It was important for teachers to understand and buy into the advantages of using mobile devices in order to hold effective training sessions and for the program to succeed. Without the support of the teachers, the devices would have ended up as overpriced digital calendars.

Conversely, having teachers embrace the new program with enthusiasm facilitated training and curriculum integration. By promoting virtual environments, such as Web logs and online groups, River’s Edge provided its teachers with space to share tips, advice, curriculum suggestions and general information. This promoted collaboration and a sense of community.


River’s Edge introduced PDAs into the classroom primarily to increase student engagement. Engaged students are better learners and have higher attendance and lower discipline issues. To gauge the effectiveness of the program, school officials agreed to conduct surveys and encourage self-reflection via journaling, as well as reviewing students’ attendance and discipline records.

At mid-year, the school reported a 25 percent decrease in disciplinary problems that result in a trip to the principal’s office and a 17 percent decline in absenteeism among students who participate in the PDA program.

In addition, the teachers are looking for anecdotal evidence to gauge the effectiveness of the PDA project, such as monitoring how actively students are involved in the day’s lesson, as opposed to passive knowledge acquisition. The lesson plans involving PDAs include digital storytelling, journaling, data analysis, graphic design, foreign language assignments and musical analysis.

Wireless Internet access also enables the PDAs’ use as research tools. For example, teachers can beam projects via infrared laser to students to encourage collaboration. These new lessons were acquired from shared ideas posted online and pre-existing lesson plans by individuals, companies and professional development organizations.

Lastly, River’s Edge will compare the students’ scores on the Florida Comprehensive Assessment Test, which is given to third- through 10th-grade students annually.

About six months into the PDA initiative, River’s Edge reports strong indications that the new tech tools are having a positive impact on educational outcomes. And teachers report both anecdotal and hard data to support the overall belief that students are more engaged in curriculum work after the introduction of the devices.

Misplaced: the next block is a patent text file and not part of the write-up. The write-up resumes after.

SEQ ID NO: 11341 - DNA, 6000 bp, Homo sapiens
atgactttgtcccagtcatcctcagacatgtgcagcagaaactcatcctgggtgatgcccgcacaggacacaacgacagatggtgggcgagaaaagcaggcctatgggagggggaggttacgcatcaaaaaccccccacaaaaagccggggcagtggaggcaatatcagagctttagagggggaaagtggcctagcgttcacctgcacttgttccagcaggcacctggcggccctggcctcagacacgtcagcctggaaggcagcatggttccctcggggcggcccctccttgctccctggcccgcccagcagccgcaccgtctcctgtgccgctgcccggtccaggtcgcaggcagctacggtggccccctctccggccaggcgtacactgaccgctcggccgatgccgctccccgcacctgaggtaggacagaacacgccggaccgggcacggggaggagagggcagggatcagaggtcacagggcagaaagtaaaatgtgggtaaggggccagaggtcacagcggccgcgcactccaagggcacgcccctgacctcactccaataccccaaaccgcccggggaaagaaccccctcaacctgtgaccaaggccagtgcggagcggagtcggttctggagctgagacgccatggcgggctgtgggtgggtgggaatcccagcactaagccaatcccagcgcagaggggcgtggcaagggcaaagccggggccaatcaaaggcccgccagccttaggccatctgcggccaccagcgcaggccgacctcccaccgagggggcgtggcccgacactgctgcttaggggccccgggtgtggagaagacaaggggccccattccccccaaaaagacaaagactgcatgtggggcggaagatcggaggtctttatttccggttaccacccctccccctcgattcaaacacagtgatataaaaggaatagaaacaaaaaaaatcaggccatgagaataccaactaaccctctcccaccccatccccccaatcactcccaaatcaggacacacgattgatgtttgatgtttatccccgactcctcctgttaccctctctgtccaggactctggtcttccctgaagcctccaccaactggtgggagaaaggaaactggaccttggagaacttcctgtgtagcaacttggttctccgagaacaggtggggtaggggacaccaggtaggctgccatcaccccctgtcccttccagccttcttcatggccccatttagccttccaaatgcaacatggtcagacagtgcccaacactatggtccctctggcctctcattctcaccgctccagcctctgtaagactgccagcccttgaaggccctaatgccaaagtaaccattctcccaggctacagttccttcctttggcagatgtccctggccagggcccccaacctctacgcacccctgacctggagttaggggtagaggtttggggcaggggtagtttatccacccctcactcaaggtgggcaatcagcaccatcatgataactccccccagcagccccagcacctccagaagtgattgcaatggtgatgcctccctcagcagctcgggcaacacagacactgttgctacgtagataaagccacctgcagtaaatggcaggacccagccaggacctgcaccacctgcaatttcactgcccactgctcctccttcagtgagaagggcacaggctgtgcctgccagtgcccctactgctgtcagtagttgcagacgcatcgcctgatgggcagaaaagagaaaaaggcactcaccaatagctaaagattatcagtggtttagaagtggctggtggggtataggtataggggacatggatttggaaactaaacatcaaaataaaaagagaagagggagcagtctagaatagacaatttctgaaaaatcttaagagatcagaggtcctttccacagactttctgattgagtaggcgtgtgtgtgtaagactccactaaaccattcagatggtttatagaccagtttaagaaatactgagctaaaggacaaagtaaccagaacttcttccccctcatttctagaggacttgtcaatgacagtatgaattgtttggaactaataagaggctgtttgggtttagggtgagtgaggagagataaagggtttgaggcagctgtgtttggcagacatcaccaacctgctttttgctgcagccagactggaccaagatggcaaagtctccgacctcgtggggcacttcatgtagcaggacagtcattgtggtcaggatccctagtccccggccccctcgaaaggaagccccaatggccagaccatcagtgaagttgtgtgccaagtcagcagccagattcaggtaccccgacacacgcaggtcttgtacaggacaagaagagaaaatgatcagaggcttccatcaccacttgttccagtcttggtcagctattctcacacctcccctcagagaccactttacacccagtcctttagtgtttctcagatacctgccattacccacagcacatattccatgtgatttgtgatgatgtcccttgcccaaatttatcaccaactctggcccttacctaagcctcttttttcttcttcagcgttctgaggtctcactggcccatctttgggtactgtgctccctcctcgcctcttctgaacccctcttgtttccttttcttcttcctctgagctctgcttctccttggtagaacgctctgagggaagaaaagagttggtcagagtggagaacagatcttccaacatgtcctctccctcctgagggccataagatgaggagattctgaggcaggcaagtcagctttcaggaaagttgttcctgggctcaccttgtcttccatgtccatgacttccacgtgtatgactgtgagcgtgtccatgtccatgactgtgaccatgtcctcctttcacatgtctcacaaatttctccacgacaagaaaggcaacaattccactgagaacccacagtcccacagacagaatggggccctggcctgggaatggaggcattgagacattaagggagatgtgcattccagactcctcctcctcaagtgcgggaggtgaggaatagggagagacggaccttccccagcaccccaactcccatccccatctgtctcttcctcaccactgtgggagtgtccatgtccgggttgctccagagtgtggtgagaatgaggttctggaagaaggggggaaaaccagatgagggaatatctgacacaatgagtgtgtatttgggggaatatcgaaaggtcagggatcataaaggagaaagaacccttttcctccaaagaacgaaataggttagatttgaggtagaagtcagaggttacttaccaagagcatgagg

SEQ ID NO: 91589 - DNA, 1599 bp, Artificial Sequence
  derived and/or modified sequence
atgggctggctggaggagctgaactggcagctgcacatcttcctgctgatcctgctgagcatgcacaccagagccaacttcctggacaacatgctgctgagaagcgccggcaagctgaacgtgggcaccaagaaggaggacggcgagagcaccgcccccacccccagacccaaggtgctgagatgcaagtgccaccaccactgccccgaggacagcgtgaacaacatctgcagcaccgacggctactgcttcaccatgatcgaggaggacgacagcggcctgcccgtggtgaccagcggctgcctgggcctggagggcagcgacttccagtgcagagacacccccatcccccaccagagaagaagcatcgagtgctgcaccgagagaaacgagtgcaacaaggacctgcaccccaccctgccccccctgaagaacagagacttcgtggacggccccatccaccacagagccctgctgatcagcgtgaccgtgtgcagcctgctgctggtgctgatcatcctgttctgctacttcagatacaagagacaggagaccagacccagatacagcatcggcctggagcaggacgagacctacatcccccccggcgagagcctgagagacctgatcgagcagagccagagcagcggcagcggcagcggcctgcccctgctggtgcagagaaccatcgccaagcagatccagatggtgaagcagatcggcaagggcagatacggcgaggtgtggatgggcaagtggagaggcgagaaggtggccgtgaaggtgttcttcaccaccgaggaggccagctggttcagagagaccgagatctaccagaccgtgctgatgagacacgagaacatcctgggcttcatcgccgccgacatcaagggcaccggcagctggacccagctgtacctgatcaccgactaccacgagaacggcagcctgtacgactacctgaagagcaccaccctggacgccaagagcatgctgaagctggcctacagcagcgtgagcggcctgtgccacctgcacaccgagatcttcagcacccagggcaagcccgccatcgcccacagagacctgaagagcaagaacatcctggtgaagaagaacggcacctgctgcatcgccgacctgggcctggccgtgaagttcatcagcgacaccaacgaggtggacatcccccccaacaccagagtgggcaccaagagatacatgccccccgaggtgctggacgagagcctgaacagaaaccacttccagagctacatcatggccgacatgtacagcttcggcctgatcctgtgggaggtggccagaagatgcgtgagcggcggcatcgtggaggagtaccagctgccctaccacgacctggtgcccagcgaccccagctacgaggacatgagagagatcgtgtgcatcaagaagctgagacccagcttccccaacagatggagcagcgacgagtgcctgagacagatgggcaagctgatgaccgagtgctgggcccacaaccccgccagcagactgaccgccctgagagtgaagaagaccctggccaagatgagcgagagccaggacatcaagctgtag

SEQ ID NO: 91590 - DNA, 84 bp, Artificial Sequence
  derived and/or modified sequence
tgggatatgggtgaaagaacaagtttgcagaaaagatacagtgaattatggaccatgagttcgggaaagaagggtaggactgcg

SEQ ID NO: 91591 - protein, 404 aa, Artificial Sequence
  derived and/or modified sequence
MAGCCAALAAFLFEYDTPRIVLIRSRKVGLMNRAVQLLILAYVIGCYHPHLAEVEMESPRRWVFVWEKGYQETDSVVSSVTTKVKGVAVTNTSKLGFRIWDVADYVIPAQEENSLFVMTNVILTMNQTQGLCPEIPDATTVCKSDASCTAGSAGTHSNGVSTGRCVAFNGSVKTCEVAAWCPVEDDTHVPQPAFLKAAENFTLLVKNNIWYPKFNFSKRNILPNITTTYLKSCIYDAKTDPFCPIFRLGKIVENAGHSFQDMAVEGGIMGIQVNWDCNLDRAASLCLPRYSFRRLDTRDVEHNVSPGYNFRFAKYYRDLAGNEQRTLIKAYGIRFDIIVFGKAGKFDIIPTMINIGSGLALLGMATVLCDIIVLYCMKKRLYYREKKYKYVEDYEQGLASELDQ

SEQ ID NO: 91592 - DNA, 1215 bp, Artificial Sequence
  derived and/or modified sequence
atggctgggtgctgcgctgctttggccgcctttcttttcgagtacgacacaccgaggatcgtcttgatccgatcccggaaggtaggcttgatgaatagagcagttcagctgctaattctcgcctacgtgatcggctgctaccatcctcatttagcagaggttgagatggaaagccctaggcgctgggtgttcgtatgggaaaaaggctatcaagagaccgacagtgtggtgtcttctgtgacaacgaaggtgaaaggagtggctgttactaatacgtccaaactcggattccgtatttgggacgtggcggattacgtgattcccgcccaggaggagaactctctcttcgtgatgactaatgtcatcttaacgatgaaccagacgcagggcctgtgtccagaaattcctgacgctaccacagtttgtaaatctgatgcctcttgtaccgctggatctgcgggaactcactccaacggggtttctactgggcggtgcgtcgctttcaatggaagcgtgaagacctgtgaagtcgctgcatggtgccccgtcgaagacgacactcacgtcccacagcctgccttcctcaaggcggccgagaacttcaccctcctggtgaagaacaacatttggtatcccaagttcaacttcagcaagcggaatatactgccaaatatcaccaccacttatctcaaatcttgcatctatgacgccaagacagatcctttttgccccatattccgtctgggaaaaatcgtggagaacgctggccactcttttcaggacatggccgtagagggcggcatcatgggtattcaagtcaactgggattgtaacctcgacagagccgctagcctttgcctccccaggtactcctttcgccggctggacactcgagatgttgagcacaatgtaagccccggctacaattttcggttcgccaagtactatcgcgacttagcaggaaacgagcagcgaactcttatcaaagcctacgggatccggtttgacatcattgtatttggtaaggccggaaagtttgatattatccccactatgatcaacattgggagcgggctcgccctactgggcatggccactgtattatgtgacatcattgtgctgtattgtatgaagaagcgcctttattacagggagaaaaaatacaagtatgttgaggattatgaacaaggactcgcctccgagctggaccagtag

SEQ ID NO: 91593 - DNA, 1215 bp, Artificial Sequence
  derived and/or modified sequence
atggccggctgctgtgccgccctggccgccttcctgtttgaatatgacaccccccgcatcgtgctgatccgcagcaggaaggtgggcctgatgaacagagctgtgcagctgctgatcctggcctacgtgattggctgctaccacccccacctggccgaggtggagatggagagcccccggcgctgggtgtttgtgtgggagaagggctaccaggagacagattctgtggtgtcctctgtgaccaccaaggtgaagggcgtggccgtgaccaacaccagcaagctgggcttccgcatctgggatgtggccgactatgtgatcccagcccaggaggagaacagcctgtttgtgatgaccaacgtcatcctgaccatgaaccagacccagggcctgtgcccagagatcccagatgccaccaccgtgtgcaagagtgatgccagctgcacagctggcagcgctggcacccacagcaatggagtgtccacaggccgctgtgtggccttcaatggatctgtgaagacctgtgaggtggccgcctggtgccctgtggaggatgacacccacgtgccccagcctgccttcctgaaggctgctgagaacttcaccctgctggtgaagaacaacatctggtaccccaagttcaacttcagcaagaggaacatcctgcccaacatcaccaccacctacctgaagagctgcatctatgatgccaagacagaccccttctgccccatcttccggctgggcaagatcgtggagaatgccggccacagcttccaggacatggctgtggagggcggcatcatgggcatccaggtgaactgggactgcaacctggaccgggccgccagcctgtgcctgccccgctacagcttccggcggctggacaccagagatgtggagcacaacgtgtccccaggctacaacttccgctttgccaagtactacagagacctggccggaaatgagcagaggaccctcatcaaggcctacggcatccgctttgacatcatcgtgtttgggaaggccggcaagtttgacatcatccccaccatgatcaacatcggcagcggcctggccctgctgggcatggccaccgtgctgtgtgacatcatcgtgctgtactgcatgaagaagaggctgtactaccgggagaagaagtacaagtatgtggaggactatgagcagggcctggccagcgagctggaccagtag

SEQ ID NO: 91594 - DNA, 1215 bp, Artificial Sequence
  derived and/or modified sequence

The six teachers who participate in the program report strong student enthusiasm and engagement levels. Vozzella describes some positive results, such as students enjoying real-time research on the Internet or looking up vocabulary words, along with some unexpected outcomes.

“The PDA is a new type of learning tool for me,” says a seventh-grader in Vozzella’s class. “I’m a visual learner, so as my teacher is teaching geometry on the board, I can create shapes in color on my PDA. When I’m reading a story, I like looking up the words online using dictionary.com.”

Due to the unanticipated popularity of the rollout, River’s Edge underestimated how much students and teachers would utilize the devices during the school day. That popularity presented one of the biggest challenges of the initiative: dealing with the increase in bandwidth utilization at the school. Since the students and teachers with PDAs requested access to the Internet during the day, the school needed to increase the number of access points and the bandwidth to support the higher number of concurrent users sharing the school’s wireless network.

Another unforeseen issue was cultural in nature. Teachers and administrators needed to set up a usage policy that reflected the right balance between the teachers’ more limited use of the devices and the students’ nearly full-time usage requirements. Accordingly, the teachers had to establish and communicate clear guidelines as to when and how the devices could be used.

The anytime, anywhere learning environment created with this affordable, portable device has led to an excitement and engagement level not present in the nonwired classrooms. Students seem to be developing problem-solving and higher-order thinking skills. And they are relying more heavily on collaboration and cooperative learning.

While the final verdict on the PDA program is not yet in, all indications suggest that the integration of mobile technologies into the classroom is an effective way to better serve the 21st-century learner.


After introducing PDAs into its seventh- and eighth-grade classrooms, River’s Edge Charter Academy officials report:

• 25 percent decrease in disciplinary problems that result in a trip to the principal’s office

• 17 percent decline in absenteeism among student participants in the PDA program.

Tina Sartori is technology administrator for River’s Edge Charter Academy. Prior to that, she was a teacher and a principal, and ran an educational Web site design and technology consulting business.

Julia Parra is a project coordinator and Web-based curriculum developer at New Mexico State University and a doctoral student in the Educational Technologies program at Pepperdine University.

James B. Rhoads is a doctoral student in the Educational Technologies program at Pepperdine University. His focus is on learning through play in online environments.